On the comedy side of things, there was also a special farewell to Veep. The series has had a significant presence on the Emmys stage for years, largely thanks to the brilliant writing and the frequently awarded performance of Julia Louis-Dreyfus (though she did end up losing out on her last chance to take home one more Veep Emmy last night). It’s been a long road for the fictional vice president, and she got the send-off that she deserved during the show:

But as with most awards shows, the real memorable moments came from the speeches themselves: three in particular from a few of the winners in the acting categories.

First up, we have Michelle Williams, who took home Outstanding Lead Actress in a Limited Series or TV movie for her role in Fosse/Verdon. During her speech, she made a passionate plea for equal pay for women in Hollywood, which you can watch in full below.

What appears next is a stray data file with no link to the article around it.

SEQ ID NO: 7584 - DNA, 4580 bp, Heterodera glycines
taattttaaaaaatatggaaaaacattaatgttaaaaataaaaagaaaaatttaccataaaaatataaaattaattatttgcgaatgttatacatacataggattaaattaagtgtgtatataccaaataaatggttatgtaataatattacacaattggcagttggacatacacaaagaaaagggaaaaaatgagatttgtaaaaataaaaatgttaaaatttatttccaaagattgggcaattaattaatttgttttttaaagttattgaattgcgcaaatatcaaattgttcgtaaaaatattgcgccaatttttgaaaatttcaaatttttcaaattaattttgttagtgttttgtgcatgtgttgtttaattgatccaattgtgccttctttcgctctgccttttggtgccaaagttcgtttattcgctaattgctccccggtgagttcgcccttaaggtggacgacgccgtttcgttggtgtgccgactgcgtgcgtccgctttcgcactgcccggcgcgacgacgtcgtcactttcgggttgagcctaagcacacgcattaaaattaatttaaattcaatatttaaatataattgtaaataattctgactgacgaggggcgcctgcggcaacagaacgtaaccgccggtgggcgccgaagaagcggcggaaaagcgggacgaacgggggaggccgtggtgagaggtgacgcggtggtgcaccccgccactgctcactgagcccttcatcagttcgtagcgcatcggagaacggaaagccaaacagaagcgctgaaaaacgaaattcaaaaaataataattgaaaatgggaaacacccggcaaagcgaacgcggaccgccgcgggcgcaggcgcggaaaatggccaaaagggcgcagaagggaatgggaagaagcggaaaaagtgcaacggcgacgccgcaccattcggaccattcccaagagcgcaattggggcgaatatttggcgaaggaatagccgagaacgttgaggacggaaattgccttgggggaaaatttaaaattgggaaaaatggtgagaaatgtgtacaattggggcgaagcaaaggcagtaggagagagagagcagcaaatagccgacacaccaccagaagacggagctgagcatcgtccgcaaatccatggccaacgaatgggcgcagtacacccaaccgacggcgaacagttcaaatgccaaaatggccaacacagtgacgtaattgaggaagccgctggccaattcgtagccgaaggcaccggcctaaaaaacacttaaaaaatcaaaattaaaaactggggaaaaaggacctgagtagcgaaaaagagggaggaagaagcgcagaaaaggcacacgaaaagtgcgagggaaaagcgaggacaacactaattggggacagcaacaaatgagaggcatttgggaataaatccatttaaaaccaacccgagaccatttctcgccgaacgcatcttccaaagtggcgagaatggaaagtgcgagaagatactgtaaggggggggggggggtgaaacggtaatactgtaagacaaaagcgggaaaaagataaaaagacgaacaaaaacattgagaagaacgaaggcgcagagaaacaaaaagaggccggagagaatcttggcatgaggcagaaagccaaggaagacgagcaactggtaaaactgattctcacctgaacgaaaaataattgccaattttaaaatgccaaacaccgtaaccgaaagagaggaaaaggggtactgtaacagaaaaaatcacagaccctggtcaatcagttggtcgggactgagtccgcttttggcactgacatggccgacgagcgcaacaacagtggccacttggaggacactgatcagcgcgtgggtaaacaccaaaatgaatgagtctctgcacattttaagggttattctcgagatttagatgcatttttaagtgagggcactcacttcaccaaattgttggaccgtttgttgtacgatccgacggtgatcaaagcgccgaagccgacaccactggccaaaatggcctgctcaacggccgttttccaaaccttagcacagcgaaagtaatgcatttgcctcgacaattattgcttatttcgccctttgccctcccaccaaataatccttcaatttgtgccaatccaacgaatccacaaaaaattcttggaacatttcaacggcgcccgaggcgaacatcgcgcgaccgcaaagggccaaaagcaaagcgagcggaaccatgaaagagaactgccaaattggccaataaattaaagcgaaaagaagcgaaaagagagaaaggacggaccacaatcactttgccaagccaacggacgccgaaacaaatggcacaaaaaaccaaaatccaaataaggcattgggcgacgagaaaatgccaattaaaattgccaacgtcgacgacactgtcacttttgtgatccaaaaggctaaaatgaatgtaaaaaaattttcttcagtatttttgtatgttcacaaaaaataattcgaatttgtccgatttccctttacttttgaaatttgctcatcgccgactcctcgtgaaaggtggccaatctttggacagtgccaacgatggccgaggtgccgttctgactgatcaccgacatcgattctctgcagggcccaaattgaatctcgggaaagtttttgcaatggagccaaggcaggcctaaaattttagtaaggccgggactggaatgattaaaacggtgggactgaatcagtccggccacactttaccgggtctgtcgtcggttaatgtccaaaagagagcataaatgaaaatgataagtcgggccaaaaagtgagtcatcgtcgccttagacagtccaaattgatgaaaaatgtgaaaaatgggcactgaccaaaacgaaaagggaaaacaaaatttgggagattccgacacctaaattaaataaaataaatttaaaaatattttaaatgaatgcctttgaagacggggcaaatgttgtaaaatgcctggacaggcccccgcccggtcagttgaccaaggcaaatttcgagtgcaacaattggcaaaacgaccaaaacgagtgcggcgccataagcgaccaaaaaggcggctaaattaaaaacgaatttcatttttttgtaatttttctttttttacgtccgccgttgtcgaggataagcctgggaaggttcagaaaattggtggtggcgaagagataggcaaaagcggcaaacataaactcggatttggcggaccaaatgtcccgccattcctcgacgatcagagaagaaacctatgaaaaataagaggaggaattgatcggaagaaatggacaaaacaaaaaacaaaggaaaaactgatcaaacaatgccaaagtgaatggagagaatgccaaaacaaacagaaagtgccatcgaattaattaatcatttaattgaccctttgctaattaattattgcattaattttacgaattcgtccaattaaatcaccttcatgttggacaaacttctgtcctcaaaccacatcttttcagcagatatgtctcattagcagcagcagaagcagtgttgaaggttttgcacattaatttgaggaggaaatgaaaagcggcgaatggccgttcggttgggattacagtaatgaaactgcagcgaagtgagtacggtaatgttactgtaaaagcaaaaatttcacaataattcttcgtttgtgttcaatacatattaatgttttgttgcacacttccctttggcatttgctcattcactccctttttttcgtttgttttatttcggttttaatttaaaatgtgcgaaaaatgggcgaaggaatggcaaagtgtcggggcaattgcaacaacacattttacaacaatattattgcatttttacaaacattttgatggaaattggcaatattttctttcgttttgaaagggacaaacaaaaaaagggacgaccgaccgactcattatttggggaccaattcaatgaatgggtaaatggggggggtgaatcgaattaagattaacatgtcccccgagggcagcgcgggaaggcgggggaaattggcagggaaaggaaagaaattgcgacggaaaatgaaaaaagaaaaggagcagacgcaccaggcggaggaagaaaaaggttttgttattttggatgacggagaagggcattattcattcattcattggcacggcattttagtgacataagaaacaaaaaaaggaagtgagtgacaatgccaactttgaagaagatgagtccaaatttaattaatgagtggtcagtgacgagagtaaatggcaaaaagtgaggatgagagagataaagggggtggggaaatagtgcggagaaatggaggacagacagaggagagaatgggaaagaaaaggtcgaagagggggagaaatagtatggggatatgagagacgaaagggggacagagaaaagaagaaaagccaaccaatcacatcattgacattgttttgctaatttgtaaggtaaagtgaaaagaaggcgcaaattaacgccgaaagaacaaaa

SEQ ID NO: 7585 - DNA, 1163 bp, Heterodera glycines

Also bringing passion and a message to the Emmys stage was Patricia Arquette. The actress won Outstanding Supporting Actress in a Limited Series or TV Movie for her role in The Act on Hulu, and her acceptance speech included a call to action for Hollywood to start treating trans actors like real people and give them jobs. That includes jobs that aren’t just playing trans characters. These are men and women who deserve acting work just like any other person working in the industry. And it’s all the more personal to Arquette after the passing of her sister Alexis Arquette, a trans actress herself. Watch:

But not everyone came with a powerful message to deliver. Instead, one winner’s message came from the victory itself. Billy Porter became the first gay black man to win Outstanding Lead Actor in a Drama Series for his work on Pose, and he couldn’t have been more pleased to make it here after enduring all sorts of prejudice and persecution. Here’s his full wonderful speech: